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The Walking Dead: Self Help

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Walking Dead Self Help

This Walking Dead road trip goes horribly awry pretty much instantly. It’s time to learn the truth about Abraham and Eugene.

I love the way Walking Dead has been focusing on a specific subset of survivors in each episode lately. They’ve splintered a bit, and instead of bouncing around from story to story within each episode, we get to narrow our view to a single plot line. It’s a much better way of telling these structurally complex stories. In fact, Walking Dead is even messing around with nonlinear time, since we saw Carol arrive at the hospital last week, Daryl arriving at the church the week before, but we won’t see the events leading up to those things until next week.

Anyway, this week is focused on Abraham and the crew on the bus taking Eugene to Washington D.C. Remember that Eugene finally revealed his secret mission: that he worked with the human genome project and knows of a plan to release a virus that would infect the virus that’s infecting humans and causing them to become zombies (this is called a virophage, though Eugene doesn’t use the term). Everything seems cheery on the bus ride. They gently poke fun at Eugene’s mullet, but he claims a major scientist once told him he liked it. There’s a bunch of stuff about the Samson bible story. With all these biblical names and references being thrown around, you’d think it would link metaphorically to the story going on here, but there’s not even enough to hang a theory on.

Then something explodes, the bus goes out of control, and they crash. I thought they blew a tire, but we’ll find out the truth soon enough. A huge group of walkers surrounds the bus, so they have to fight their way out, even Eugene, who overcomes his skittishness to stab a walker threatening Tara. Some great special effects here, especially that old man zombie impaling itself on broken glass.

All their supplies are destroyed, but Abraham insists they go on toward D.C. They shelter overnight in a book store that’s remarkably untouched. There are some nice quiet moments with atmospheric twilight lighting that provided a nice contrast for all the gore and action. Kind of an interesting pensive line from Abraham, too: “Everyone left is strong now.” We even got some comic relief, as Abraham and Rosita enjoy some stress-relieving sex, and we discover that they sometimes let Eugene watch them. Tara pulls Eugene away and he sort of breaks down and admits that he sabotaged the bus and caused the crash by putting glass in the fuel lines.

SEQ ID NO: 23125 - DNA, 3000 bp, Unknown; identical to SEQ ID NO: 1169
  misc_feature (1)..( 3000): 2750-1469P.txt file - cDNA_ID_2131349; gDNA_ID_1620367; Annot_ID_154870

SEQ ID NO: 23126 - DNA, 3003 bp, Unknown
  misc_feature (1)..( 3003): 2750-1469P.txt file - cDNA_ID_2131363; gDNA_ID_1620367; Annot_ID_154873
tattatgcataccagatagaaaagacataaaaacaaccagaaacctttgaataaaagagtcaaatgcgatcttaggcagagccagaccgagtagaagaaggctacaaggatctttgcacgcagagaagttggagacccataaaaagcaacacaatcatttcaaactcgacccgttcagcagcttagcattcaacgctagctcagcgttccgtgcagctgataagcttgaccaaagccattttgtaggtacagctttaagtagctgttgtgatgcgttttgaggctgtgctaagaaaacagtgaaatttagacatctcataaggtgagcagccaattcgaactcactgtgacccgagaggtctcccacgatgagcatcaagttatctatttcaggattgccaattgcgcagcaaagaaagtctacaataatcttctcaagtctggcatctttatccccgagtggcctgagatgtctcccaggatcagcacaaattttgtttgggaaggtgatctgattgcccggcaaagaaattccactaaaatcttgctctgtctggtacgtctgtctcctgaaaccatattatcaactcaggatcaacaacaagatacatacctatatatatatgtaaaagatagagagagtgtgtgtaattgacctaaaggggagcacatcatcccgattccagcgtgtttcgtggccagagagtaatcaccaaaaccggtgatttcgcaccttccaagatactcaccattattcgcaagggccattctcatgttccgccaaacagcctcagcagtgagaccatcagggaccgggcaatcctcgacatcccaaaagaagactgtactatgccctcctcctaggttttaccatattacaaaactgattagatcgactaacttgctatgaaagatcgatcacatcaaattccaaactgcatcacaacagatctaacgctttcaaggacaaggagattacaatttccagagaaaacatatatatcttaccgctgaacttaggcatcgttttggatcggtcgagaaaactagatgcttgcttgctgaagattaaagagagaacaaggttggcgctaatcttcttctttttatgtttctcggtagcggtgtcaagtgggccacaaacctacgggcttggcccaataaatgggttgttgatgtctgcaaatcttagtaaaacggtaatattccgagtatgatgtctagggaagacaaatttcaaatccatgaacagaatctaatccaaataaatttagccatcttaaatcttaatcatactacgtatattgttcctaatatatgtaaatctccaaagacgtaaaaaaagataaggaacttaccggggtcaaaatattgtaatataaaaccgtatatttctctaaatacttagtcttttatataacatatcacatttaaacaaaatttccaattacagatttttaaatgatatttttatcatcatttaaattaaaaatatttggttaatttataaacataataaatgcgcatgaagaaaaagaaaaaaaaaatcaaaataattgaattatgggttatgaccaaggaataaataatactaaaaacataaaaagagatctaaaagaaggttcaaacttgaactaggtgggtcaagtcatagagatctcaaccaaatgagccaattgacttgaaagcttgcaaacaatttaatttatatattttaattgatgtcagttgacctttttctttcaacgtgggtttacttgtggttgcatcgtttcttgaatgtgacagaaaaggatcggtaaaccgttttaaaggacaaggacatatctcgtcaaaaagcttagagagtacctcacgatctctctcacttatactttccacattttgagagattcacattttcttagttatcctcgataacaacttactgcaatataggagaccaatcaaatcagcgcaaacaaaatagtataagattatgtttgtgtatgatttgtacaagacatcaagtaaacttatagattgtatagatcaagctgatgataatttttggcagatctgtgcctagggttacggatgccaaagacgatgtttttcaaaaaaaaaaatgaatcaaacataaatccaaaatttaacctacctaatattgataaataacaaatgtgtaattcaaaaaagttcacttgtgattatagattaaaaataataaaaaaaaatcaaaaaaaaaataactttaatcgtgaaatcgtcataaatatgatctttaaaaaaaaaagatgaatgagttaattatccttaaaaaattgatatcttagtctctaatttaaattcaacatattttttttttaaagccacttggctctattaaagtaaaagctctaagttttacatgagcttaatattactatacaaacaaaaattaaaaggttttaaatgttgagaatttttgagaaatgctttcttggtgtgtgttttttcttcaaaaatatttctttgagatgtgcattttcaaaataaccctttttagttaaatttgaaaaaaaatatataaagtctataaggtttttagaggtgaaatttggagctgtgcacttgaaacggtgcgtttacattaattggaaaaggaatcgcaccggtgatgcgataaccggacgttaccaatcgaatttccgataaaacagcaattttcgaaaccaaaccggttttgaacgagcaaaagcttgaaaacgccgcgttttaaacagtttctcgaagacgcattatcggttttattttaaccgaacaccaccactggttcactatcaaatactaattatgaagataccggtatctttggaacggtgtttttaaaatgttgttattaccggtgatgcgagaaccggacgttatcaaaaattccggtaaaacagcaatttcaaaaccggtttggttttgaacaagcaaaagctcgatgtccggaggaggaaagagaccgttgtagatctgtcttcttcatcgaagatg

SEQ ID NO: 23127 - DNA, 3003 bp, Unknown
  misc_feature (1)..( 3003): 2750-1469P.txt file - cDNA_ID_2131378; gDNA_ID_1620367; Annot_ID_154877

I’d always suspected this, but I knew for sure right then that Eugene’s story about the cure and the mission was a bunch of crap. He almost admitted as much to Tara, babbling about not being needed if he couldn’t fix the zombie problem. She tells him to buck up and carry on.

They do, heading out in a firetruck that accidentally releases a horde of walkers. Eugene fends most of them off with the fire hose. The fire hose? I get that the zombies are rotted and kind of mushy, and I’ve complained before about how easy it seems to be to mush zombie heads on this show, but water? Well, ok. It was a really cool effects sequence in any case.

Further on up the road, they encounter a terrific stench. At the top of a crest in the road they see a massive mob of zombies ahead of them. Abraham wants them to go on, no detours, no hesitation. Everyone else knows this would be suicide.

This is probably a good place to talk about the Abraham flashbacks. All episode long we’ve been seeing glimpses of his past. I mentioned earlier this season that the season’s theme seems to be the danger of losing your humanity because of the things you have to do to survive, and that the show was going to beat us over the head with it. Welcome to Abraham’s past.

He had a wife and two kids. To save them, at some point he beat to death a whole grocery store full of dudes. Unfortunately, this made them so afraid of him that they ran away from him. Later we see him find their corpses. Abraham’s just about to eat a bullet when he hears someone calling for help. It’s Eugene. Just as Abraham is leaving Eugene, Eugene tells him he has a special mission.

What’s the mission? Nothing. A huge scuffle breaks out over Abraham forcing everyone to go through the zombie mob, and in the middle of it Eugene yells, “I’m not a scientist.” Made the whole story up. He’s smart, sure (and reads science fiction). He thinks there’s a good chance to survive in D.C. But there’s no cure. He’s never worked with the human genome project. He feels bad, you know, especially about the dozen or so people who died helping him.

At the same time, he gave those people a sense of purpose and hope. It’s exactly what Glen and Maggie talked about in the bookstore. In fact, I think Rosita and Abraham knew this all along, even if Abraham probably couldn’t admit it to himself. They knew, but it gave life meaning, so they went along with it.

Still, Abraham beat the everloving crap out of Eugene, then went off and collapsed on the road.

So, that all turned out to be pretty bleak.

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Posted by on Sunday, November 9th, 2014. Filed under Dark TV, Headline. You can follow any responses to this entry through the RSS 2.0. You can skip to the end and leave a response. Pinging is currently not allowed.